MAKE A MARK
There are two ways to make money on YouTube.
First, video creators generate earnings from ads YouTube runs on their videos. That's hovered at about $5 per 10,000 views for the Welkers. There are expenses, too. Nick began outsourcing video editing when he grew weary of 15-hour editing marathons just to produce one 20-minute video.
The second way to make money on YouTube is through sponsorships, and those can be more lucrative.
Companies were quick to try to reach out to the Welkers as their own reach expanded. At first, it was flattering when any company sent a free product to the farm just to be featured in a video.
"Now, we just ignore that kind of stuff," Nick says. "People are always asking. If it's a big farm thing that has value to us, I'll look into it more."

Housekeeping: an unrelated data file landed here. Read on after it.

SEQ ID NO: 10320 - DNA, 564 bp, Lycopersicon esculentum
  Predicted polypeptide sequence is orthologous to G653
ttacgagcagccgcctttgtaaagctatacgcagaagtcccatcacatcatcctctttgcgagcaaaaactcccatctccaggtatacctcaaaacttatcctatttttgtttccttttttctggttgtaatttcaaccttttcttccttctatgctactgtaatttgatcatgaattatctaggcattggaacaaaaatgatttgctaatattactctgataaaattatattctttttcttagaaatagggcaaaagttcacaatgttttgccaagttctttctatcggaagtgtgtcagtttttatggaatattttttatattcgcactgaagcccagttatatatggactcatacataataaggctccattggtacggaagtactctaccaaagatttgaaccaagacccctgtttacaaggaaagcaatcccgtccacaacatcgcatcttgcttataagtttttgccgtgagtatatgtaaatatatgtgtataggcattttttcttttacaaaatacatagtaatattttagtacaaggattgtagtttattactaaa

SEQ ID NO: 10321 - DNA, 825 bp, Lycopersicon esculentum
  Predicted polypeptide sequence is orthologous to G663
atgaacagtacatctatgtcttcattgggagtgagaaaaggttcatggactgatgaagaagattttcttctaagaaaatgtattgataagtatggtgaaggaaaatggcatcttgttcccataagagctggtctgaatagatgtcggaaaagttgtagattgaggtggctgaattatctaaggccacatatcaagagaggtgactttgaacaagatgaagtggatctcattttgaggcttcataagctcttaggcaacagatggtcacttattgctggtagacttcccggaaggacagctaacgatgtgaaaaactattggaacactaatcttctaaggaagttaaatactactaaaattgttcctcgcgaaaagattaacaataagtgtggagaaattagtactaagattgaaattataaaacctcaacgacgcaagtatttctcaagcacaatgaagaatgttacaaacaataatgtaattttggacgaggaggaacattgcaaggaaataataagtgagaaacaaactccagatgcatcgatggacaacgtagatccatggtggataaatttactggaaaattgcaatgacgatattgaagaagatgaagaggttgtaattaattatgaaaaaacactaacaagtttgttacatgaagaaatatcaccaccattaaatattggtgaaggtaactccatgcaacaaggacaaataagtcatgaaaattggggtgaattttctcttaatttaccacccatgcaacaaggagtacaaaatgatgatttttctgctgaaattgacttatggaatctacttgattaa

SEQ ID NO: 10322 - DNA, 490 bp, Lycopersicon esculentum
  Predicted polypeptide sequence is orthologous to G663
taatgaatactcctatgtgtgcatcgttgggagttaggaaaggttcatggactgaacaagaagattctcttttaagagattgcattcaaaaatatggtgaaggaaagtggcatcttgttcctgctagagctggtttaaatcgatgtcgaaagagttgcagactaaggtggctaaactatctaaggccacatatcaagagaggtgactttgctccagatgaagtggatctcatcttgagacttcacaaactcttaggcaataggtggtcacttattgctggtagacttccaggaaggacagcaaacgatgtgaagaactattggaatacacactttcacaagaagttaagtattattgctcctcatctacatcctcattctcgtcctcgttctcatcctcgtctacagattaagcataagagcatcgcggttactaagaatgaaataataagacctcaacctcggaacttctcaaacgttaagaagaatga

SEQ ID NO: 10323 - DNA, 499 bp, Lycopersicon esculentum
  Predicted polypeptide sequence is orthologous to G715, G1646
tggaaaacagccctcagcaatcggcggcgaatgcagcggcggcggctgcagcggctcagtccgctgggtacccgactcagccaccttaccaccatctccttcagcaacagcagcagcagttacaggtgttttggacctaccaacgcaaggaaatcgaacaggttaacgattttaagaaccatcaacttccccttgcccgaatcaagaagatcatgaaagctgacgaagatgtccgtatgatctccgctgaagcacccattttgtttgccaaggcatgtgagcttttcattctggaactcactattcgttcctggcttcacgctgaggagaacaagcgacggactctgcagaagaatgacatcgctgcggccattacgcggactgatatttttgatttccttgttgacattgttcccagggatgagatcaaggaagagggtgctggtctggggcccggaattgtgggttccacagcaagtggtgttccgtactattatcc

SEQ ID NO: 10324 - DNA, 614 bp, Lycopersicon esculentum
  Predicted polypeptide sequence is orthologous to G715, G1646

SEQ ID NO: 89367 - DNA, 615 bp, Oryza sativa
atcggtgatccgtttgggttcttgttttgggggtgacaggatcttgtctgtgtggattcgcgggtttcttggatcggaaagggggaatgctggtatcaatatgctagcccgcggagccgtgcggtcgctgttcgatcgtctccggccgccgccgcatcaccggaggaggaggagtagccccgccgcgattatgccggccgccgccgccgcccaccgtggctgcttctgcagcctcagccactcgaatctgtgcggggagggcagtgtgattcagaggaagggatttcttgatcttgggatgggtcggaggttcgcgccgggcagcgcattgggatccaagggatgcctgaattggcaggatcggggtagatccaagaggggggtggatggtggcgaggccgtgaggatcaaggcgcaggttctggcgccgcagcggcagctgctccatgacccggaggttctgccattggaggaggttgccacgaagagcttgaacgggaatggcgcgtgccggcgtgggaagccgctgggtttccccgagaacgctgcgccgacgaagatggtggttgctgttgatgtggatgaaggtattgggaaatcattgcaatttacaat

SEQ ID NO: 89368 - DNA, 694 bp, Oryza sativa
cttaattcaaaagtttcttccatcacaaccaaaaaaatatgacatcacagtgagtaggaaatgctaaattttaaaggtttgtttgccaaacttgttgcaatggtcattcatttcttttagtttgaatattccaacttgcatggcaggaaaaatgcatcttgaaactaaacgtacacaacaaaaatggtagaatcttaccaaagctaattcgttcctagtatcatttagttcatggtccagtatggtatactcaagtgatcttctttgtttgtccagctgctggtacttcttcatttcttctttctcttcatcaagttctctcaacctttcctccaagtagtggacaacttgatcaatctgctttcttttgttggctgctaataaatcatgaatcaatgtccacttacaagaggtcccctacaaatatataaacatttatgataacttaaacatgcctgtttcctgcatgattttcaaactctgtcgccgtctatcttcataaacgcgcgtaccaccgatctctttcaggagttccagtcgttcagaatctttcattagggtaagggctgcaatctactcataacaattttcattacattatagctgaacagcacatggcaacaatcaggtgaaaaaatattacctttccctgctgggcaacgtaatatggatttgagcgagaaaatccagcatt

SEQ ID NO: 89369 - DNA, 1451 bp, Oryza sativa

One of the family's Case IH combines got a giant tire upgrade recently, a demo from a sponsor. It made for a strong video, too, with more than 400,000 views in its first month. Case IH, in turn, has hosted the family at several recent farm shows, allowing the Welkers to greet fans in the company's booth.
Mainstream social media influencers routinely are able pull in cash payments to feature a product, but that's not as common in ag YouTube. Instead, some influencers get favorable or even free lease opportunities on equipment.
"Ag is a different world," says Michael Kirkpatrick, who works with ag influencers through the Kirkpatrick Creative ad agency.
"The ag customer wants a genuine referral from someone who's used the product," he says.
The YouTube channel has grown as the farm has expanded, though it's not yet kicking in enough money to have a major effect on the operation's bottom line.
"It very well could someday, though," Nick says. "It's on its way. It couldn't ever be a substitute for farming, but it could help."
FOR MORE INFORMATION:
> Welker Farms YouTube Channel: www.youtube.com/WelkerFarmsInc